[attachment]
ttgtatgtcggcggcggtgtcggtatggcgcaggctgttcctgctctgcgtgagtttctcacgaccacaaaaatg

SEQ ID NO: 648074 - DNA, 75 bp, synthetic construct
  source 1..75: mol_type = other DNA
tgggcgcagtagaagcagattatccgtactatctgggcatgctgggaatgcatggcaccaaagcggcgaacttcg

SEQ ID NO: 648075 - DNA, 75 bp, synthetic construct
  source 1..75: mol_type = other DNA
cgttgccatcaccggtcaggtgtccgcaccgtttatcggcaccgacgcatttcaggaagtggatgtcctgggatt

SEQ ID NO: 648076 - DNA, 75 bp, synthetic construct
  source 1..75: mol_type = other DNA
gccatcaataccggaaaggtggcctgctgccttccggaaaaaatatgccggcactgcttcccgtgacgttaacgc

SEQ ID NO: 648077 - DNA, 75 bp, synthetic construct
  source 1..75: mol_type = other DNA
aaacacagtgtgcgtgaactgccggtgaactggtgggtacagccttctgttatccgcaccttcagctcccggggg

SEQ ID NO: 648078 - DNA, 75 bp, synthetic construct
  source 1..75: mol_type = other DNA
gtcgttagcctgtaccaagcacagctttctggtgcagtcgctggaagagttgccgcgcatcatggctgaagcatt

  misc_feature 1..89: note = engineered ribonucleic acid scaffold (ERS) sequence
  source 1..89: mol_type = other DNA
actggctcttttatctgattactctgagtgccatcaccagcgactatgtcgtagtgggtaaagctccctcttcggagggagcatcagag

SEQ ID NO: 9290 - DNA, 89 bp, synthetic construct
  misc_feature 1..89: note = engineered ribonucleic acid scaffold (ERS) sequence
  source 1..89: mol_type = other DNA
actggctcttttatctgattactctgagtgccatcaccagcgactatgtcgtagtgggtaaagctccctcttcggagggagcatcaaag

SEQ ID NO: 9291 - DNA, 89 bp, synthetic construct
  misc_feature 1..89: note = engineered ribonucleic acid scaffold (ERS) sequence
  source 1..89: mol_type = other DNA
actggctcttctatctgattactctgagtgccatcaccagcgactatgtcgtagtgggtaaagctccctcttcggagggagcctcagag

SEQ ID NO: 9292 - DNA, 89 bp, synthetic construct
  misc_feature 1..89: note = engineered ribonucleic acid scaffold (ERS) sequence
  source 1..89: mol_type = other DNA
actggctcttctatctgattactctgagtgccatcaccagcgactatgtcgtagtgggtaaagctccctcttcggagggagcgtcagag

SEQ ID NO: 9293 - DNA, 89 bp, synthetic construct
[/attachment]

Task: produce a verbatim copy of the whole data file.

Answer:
ttgtatgtcggcggcggtgtcggtatggcgcaggctgttcctgctctgcgtgagtttctcacgaccacaaaaatg

SEQ ID NO: 648074 - DNA, 75 bp, synthetic construct
  source 1..75: mol_type = other DNA
tgggcgcagtagaagcagattatccgtactatctgggcatgctgggaatgcatggcaccaaagcggcgaacttcg

SEQ ID NO: 648075 - DNA, 75 bp, synthetic construct
  source 1..75: mol_type = other DNA
cgttgccatcaccggtcaggtgtccgcaccgtttatcggcaccgacgcatttcaggaagtggatgtcctgggatt

SEQ ID NO: 648076 - DNA, 75 bp, synthetic construct
  source 1..75: mol_type = other DNA
gccatcaataccggaaaggtggcctgctgccttccggaaaaaatatgccggcactgcttcccgtgacgttaacgc

SEQ ID NO: 648077 - DNA, 75 bp, synthetic construct
  source 1..75: mol_type = other DNA
aaacacagtgtgcgtgaactgccggtgaactggtgggtacagccttctgttatccgcaccttcagctcccggggg

SEQ ID NO: 648078 - DNA, 75 bp, synthetic construct
  source 1..75: mol_type = other DNA
gtcgttagcctgtaccaagcacagctttctggtgcagtcgctggaagagttgccgcgcatcatggctgaagcatt

  misc_feature 1..89: note = engineered ribonucleic acid scaffold (ERS) sequence
  source 1..89: mol_type = other DNA
actggctcttttatctgattactctgagtgccatcaccagcgactatgtcgtagtgggtaaagctccctcttcggagggagcatcagag

SEQ ID NO: 9290 - DNA, 89 bp, synthetic construct
  misc_feature 1..89: note = engineered ribonucleic acid scaffold (ERS) sequence
  source 1..89: mol_type = other DNA
actggctcttttatctgattactctgagtgccatcaccagcgactatgtcgtagtgggtaaagctccctcttcggagggagcatcaaag

SEQ ID NO: 9291 - DNA, 89 bp, synthetic construct
  misc_feature 1..89: note = engineered ribonucleic acid scaffold (ERS) sequence
  source 1..89: mol_type = other DNA
actggctcttctatctgattactctgagtgccatcaccagcgactatgtcgtagtgggtaaagctccctcttcggagggagcctcagag

SEQ ID NO: 9292 - DNA, 89 bp, synthetic construct
  misc_feature 1..89: note = engineered ribonucleic acid scaffold (ERS) sequence
  source 1..89: mol_type = other DNA
actggctcttctatctgattactctgagtgccatcaccagcgactatgtcgtagtgggtaaagctccctcttcggagggagcgtcagag

SEQ ID NO: 9293 - DNA, 89 bp, synthetic construct